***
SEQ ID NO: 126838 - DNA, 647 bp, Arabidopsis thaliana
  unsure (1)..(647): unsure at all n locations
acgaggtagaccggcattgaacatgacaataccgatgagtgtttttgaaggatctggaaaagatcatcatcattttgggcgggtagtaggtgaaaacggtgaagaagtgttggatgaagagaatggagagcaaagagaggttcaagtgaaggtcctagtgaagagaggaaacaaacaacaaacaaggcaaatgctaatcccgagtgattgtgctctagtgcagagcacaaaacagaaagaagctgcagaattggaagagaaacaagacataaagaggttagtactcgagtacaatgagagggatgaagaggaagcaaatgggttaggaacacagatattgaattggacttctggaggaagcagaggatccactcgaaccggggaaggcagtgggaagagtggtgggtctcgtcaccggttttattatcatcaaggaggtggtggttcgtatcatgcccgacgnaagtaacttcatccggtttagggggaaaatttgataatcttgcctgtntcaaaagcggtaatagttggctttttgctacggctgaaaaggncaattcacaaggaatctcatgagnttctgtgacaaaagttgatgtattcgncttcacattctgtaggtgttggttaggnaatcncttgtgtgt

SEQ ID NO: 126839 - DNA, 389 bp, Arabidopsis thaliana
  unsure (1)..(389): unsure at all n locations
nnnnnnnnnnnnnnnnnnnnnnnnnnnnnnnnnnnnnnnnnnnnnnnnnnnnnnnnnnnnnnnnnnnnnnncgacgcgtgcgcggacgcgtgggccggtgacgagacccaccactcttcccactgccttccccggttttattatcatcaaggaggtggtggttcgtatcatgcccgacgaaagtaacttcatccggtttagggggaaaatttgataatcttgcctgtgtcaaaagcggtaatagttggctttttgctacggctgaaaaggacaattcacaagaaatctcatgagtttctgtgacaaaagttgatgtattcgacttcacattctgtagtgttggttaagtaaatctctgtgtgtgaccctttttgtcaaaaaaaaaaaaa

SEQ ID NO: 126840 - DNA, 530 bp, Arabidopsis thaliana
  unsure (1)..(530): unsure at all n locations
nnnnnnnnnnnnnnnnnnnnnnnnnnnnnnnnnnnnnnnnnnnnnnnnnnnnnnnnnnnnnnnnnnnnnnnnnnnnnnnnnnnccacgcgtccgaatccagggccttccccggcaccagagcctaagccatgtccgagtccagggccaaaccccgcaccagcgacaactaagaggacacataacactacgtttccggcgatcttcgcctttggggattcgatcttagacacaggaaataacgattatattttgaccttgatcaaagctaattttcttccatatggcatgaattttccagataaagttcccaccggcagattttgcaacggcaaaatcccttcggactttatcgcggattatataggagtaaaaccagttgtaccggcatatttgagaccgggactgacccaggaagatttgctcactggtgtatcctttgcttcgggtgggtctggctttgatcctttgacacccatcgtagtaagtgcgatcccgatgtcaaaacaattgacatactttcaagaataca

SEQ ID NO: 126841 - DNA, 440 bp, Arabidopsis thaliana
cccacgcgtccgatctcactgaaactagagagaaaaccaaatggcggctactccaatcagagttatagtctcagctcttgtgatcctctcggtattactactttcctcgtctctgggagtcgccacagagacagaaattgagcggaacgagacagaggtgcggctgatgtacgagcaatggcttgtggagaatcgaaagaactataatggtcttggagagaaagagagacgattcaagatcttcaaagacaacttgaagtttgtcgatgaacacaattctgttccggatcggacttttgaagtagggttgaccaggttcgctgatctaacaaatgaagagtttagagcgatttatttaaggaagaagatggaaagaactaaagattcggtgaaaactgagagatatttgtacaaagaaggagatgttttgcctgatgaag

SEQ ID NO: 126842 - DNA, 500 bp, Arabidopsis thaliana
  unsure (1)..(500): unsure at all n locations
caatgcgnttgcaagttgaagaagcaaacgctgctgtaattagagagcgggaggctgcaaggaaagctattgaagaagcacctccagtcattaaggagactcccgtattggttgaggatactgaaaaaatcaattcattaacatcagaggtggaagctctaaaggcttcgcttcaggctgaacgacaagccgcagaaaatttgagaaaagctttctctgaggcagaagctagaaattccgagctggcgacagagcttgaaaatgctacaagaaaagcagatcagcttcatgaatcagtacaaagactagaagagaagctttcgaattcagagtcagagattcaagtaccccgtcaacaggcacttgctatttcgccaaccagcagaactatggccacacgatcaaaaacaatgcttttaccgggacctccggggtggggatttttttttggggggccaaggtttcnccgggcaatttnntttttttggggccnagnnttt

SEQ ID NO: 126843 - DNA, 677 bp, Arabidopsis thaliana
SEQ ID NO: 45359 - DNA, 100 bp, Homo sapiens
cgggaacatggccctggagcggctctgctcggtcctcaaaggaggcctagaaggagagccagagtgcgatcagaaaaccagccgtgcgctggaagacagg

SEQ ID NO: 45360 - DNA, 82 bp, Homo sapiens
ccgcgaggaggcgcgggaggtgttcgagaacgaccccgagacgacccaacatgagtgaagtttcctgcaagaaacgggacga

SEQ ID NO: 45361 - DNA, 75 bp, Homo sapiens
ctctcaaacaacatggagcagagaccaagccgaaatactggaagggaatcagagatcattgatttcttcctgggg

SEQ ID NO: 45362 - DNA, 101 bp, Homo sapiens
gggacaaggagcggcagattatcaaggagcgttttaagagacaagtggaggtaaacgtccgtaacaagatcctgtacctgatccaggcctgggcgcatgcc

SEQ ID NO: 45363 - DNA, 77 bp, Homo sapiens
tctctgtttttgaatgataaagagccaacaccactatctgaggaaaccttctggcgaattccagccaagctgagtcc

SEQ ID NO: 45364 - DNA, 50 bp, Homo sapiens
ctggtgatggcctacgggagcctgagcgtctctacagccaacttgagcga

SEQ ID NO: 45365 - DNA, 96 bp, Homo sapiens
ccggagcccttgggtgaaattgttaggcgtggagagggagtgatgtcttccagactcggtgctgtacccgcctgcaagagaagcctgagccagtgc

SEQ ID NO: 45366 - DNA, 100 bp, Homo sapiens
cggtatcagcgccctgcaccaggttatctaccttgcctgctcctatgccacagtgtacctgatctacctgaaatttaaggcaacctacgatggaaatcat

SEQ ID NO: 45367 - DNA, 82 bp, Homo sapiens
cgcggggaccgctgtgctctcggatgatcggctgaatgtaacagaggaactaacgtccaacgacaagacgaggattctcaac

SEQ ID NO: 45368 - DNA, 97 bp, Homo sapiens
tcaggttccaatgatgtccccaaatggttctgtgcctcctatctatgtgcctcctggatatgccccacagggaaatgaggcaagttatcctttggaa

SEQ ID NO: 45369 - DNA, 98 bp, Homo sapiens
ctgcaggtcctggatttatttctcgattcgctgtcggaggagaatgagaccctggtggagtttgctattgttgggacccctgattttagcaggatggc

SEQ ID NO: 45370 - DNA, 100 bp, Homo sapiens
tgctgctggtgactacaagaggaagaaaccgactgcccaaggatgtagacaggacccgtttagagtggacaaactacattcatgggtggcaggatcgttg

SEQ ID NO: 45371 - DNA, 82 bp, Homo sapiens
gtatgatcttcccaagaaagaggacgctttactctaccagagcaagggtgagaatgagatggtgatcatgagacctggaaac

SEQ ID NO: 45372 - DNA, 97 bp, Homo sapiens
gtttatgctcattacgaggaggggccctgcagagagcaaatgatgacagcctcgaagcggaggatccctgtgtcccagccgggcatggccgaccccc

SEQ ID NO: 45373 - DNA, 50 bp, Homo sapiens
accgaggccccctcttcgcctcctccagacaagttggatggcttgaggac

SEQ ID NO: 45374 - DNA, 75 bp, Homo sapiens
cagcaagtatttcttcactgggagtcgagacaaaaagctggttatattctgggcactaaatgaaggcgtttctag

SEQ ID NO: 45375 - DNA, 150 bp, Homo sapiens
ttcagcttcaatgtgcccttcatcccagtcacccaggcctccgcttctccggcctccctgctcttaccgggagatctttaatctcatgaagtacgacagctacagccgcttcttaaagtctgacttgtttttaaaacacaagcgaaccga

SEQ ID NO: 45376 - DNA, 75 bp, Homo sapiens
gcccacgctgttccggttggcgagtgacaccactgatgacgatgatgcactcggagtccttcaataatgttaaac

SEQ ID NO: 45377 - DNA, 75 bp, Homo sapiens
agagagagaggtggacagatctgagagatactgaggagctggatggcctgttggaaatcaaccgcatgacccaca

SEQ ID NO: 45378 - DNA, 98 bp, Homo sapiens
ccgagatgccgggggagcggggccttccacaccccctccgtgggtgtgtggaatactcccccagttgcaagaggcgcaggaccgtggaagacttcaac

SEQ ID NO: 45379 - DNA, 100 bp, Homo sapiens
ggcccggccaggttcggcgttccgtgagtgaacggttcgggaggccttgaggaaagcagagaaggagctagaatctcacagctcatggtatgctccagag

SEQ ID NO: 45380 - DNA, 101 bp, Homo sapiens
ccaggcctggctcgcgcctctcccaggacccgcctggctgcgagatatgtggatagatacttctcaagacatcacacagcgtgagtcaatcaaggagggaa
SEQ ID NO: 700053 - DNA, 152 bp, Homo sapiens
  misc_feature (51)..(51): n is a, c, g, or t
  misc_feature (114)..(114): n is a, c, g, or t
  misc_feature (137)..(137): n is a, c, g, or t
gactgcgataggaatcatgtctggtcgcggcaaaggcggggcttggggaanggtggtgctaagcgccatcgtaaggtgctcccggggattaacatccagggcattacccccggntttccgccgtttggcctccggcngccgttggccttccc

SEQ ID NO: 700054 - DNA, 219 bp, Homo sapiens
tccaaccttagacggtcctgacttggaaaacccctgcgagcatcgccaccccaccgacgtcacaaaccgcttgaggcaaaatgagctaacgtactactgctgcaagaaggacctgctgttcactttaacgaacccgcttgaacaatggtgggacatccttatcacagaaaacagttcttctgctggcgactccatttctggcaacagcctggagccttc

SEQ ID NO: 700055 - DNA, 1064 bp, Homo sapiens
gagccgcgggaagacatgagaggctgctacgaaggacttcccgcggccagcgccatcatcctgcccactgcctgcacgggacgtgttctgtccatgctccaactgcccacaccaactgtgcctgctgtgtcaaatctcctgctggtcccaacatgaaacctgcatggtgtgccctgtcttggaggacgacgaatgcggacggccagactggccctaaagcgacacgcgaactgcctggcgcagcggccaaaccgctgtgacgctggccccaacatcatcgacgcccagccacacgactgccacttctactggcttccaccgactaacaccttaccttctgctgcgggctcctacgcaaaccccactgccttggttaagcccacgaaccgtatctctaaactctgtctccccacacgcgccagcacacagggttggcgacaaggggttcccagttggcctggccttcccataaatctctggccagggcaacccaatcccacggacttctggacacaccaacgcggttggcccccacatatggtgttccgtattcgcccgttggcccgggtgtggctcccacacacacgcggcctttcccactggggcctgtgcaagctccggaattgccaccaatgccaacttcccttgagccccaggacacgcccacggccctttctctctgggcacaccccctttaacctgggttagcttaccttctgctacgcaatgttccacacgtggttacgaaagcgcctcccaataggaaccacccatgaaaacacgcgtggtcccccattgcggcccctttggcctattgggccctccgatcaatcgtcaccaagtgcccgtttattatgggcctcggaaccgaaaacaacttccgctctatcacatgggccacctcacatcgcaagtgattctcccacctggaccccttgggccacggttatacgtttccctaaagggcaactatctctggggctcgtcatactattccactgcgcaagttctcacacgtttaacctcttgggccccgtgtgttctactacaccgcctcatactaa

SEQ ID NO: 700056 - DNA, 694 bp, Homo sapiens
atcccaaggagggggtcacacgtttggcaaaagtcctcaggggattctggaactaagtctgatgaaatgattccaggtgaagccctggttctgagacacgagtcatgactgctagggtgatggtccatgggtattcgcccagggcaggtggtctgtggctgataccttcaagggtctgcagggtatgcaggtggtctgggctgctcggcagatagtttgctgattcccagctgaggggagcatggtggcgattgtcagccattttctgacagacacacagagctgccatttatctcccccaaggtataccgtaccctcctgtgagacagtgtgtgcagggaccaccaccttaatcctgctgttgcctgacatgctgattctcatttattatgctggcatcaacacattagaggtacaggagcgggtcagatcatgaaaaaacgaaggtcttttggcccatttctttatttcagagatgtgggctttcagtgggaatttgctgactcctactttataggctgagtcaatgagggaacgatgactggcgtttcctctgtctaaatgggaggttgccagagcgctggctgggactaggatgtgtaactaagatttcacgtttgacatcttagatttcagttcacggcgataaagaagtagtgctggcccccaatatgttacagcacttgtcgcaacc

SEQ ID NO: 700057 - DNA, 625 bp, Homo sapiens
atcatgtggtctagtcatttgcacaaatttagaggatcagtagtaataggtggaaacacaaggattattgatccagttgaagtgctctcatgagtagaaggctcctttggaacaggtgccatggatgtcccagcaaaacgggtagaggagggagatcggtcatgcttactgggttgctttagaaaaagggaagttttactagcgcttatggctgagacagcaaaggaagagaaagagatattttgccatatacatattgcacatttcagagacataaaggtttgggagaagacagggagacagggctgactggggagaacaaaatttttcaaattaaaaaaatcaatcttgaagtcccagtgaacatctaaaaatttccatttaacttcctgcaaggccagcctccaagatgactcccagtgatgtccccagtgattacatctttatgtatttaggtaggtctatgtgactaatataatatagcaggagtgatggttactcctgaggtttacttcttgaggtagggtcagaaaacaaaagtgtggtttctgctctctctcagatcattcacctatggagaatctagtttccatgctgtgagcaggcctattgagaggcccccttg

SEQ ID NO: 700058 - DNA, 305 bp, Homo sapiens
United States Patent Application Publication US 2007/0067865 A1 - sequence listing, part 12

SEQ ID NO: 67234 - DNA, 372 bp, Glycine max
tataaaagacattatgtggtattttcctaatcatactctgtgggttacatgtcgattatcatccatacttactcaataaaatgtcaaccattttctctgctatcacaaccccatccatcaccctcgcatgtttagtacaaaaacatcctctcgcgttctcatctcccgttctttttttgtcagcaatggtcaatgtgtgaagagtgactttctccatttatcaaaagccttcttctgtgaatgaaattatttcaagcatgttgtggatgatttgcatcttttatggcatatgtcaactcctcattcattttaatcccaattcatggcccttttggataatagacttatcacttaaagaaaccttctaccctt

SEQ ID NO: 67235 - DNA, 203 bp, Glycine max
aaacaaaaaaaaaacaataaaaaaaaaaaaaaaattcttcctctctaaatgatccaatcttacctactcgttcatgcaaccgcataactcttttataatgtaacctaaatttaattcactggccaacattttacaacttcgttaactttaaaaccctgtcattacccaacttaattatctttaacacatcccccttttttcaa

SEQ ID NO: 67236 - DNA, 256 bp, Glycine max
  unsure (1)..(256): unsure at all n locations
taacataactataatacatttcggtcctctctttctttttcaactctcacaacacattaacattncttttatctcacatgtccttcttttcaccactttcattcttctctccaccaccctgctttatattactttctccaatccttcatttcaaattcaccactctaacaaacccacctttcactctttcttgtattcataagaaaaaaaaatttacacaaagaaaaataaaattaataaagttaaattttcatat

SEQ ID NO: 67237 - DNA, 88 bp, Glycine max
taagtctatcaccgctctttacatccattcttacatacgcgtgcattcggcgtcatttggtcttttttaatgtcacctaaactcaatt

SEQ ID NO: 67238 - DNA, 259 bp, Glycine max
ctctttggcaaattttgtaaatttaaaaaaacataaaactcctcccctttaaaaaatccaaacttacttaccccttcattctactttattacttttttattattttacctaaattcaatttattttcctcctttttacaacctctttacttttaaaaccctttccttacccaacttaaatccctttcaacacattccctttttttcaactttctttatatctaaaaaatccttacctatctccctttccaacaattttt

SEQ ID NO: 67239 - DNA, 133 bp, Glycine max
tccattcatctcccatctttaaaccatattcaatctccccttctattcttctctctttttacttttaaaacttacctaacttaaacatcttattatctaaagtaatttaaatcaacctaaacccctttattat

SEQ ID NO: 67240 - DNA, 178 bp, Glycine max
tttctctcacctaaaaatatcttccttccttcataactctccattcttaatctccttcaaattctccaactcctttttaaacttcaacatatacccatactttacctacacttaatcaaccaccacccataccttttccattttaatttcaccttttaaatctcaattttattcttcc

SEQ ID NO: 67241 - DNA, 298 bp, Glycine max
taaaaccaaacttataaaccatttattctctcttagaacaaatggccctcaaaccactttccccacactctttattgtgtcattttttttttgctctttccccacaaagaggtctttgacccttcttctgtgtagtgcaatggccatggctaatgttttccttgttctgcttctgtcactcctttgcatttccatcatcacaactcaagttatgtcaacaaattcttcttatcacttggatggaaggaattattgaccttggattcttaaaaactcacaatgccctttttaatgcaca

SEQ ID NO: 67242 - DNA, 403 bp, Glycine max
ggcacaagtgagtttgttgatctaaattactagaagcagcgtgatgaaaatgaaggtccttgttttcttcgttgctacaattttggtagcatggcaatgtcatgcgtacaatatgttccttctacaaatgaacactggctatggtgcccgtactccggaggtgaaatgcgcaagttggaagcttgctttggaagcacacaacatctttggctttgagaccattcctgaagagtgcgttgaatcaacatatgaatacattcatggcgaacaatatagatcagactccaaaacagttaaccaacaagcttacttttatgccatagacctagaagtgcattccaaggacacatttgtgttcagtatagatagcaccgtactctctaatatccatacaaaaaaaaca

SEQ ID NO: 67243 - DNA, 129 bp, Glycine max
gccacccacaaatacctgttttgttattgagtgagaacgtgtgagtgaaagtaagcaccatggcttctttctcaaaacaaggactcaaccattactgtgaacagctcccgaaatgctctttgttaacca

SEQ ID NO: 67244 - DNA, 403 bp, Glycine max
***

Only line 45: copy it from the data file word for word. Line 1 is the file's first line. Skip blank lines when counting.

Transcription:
accgaggccccctcttcgcctcctccagacaagttggatggcttgaggac